JWOC training camp -Portugal

On the weekend of the 11-14th March, 3 prospective JWOC athletes, Darragh Hoare, Liam Cotter and Aoife O’Sullivan (all BOC) travelled to Portugal under the leadership of Jens Waechter (BOC) to get some orienteering experience in relevant terrain in advance of Junior World Orienteering Championships in July. Over the weekend, we squeezed in 7 maps, covered approximately 45km and got about 10 hours of quality orienteering in the Portuguese forests and cobble-stoned towns.

After an early start on Friday morning, we flew from Dublin to Porto and then drove a further 2 hours to our accommodation. After checking in and having some lunch, we put on our O-kit and headed to nearby Aguiar da Beira village for some sprint training. This hilly medieval village was filled with narrow cobble-stoned streets, many stairs, some rough open areas and offered plenty of route choice. After a quick debrief, we headed back to our accommodation to make dinner and further discuss our various routes. Jens spoke to us about the importance of recovery. We winded down with some mindfulness and then headed to bed for an early night.

In order to somewhat replicate what we’ll experience on race day, we decided to leave the house early each morning, this also allowed us plenty of time to come back to the house for a longer recovery period during lunch. Each map was conveniently located within max 20 minutes driving of our accommodation. On Day 2, we focused our attention on the middle distance discipline. Now before anyone gets the impression we went to Portugal to escape the Irish weather, Day 2 tells a different story. With average temperatures of about 4-6 °C and constant rain which only got heavier as the day progressed, it was certainly not a sun holiday. However, that’s not what we were in Portugal for, we were here to train and that’s certainly what we did.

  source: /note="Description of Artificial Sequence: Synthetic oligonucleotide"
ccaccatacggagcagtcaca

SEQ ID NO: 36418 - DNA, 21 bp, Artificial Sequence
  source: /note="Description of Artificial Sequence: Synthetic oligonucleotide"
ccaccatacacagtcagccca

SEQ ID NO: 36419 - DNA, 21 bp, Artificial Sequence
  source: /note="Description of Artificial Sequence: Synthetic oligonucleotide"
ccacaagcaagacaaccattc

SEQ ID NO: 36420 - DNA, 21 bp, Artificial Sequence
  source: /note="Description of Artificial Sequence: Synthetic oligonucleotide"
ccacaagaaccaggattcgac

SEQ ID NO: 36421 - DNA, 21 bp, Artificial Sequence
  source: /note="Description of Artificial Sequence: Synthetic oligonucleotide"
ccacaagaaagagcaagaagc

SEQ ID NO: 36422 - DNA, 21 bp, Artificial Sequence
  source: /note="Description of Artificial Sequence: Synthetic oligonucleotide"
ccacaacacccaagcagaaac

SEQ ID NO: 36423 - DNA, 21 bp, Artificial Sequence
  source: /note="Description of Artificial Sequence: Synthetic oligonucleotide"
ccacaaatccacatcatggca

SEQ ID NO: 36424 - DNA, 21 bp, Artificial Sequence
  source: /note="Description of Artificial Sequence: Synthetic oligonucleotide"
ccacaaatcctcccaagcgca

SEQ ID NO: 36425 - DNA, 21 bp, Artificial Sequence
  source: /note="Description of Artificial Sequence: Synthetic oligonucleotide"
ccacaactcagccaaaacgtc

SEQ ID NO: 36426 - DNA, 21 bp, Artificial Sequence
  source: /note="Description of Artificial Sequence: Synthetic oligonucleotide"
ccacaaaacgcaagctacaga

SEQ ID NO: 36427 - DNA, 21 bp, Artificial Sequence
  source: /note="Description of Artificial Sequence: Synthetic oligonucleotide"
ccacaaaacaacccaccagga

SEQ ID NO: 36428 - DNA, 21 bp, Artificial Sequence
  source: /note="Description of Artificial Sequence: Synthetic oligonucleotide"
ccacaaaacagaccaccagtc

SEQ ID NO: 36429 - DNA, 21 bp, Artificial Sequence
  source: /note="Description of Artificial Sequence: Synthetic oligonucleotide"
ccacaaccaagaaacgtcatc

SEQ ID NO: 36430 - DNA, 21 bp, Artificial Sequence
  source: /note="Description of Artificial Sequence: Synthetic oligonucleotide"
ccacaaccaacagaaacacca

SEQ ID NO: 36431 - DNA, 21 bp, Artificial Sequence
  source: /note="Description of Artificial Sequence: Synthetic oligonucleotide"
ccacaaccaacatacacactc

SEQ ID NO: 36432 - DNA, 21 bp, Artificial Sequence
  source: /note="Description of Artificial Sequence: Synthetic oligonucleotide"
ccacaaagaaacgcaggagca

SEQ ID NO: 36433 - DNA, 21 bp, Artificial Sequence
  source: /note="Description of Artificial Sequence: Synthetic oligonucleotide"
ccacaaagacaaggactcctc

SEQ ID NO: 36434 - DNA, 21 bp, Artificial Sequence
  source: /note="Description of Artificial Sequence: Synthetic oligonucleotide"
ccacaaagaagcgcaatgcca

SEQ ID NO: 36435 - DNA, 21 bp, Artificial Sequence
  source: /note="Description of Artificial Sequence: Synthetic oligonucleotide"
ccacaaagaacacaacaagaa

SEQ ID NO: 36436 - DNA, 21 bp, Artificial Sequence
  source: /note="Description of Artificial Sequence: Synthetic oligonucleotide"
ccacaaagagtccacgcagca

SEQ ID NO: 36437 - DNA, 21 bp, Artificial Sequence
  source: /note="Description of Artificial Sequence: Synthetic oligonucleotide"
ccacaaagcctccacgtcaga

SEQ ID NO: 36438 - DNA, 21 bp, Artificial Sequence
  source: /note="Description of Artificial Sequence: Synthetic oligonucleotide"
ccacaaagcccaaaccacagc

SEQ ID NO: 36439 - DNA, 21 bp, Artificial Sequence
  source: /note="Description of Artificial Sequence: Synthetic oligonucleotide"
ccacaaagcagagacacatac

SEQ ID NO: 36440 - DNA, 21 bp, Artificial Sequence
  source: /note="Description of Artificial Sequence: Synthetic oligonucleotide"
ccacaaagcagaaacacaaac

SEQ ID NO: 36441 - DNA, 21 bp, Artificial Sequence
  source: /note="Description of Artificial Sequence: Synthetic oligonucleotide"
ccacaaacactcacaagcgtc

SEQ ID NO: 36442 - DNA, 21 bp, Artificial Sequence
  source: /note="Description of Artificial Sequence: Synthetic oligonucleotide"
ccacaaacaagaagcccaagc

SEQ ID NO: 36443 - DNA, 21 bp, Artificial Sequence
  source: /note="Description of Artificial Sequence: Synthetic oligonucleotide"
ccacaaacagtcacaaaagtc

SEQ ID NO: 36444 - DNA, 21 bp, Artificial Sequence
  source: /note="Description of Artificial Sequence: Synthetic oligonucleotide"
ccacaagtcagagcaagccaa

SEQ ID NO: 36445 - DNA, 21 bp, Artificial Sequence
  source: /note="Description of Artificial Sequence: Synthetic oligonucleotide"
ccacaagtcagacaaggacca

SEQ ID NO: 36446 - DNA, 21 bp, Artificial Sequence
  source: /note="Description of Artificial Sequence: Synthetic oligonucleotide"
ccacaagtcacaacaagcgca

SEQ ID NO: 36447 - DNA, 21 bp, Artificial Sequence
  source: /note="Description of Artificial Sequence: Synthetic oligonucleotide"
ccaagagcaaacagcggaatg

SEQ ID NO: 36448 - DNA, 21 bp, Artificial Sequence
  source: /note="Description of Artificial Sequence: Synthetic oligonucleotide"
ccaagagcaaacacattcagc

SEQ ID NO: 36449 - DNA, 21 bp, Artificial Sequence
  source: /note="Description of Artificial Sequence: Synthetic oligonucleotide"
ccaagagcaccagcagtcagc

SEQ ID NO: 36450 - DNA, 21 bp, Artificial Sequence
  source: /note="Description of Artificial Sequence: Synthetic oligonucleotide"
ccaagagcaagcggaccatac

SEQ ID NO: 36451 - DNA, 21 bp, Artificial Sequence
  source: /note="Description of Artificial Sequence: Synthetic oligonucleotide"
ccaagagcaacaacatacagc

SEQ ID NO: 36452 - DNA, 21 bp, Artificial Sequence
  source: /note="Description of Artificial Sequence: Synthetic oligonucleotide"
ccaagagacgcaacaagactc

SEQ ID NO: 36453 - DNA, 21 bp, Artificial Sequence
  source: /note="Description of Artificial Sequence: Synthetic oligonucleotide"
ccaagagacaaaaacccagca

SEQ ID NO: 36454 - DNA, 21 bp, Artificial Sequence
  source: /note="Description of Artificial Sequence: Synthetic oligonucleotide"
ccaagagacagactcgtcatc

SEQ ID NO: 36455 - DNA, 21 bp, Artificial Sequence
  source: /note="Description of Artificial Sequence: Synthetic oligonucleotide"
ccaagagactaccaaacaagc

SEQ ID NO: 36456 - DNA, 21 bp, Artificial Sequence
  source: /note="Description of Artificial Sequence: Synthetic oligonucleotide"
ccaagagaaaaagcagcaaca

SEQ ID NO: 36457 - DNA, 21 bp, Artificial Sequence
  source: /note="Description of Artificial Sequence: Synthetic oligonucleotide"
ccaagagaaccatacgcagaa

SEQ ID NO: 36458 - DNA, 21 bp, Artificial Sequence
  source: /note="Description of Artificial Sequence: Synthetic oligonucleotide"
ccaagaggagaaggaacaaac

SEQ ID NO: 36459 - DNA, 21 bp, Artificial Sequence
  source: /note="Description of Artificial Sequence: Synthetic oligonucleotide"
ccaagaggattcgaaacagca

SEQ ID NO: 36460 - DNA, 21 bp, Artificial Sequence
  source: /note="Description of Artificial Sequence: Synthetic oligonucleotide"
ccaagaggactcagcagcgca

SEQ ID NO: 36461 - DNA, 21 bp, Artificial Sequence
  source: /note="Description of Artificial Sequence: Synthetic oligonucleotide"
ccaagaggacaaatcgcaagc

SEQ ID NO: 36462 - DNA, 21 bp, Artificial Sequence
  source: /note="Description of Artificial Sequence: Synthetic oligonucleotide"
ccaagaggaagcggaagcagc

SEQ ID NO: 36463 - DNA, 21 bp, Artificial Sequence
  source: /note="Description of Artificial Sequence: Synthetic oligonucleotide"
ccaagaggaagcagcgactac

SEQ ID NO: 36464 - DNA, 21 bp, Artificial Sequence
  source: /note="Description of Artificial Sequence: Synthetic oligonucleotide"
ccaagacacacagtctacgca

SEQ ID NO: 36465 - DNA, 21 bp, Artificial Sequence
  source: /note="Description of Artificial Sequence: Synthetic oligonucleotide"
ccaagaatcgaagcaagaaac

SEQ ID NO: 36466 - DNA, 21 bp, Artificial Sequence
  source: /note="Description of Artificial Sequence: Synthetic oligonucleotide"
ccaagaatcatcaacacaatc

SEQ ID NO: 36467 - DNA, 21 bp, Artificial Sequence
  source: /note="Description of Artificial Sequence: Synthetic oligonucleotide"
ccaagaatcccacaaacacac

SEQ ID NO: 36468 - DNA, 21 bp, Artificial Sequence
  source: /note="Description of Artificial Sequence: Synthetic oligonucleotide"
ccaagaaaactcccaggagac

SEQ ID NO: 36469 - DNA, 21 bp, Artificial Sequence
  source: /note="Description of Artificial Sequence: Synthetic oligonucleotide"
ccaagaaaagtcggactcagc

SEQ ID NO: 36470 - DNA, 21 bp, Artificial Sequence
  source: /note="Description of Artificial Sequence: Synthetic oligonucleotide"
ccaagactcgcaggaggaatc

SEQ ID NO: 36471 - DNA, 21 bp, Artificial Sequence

The first area we went to was described as being very relevant for both the JWOC middle qualification and final. Runability was very good in this area however, I found I was very cautious of the bare rocks and feared slipping in the wet conditions. I thoroughly enjoyed this intricate area and was excited to see the other terrains Aguiar da Beira had to offer. Our next session of the day took us to an area just next to the middle embargo on a map made by JWOC mappers, Janne Weckman and Timo Joensuu. This area was very technical and rather slow going with rough conditions underfoot. I learned the hard way that it can be very difficult to relocate in this complex terrain. The rain had really set in at this stage so we headed back to the house to shower, refuel and take some time to recover. During this down time we uploaded our gps tracks to quickroute to discuss route choice and learn from our mistakes.

Our final session of the day brought us to another middle relevant area mapped by the JWOC mappers. Putting back on our wet kit that afternoon and facing into pouring rain was difficult and I certainly needed some extra motivation. Darragh’s wise words gave me the extra boost I needed to hop out of the car; ‘Aoife just think about it, in an hour and a half’s time you’ll be even more prepared for JWOC and you’ll be warming up in a hot shower.’ We set off on another middle distance length course and I quickly learned the rain isn’t that bad once you’re out in it. I clocked in over 17k and plenty of climb by the end of day 2 and was looking forward to getting some dinner into me and then another early night. We also had access to a pool/jacuzzi at our accommodation that served as a nice recovery tool.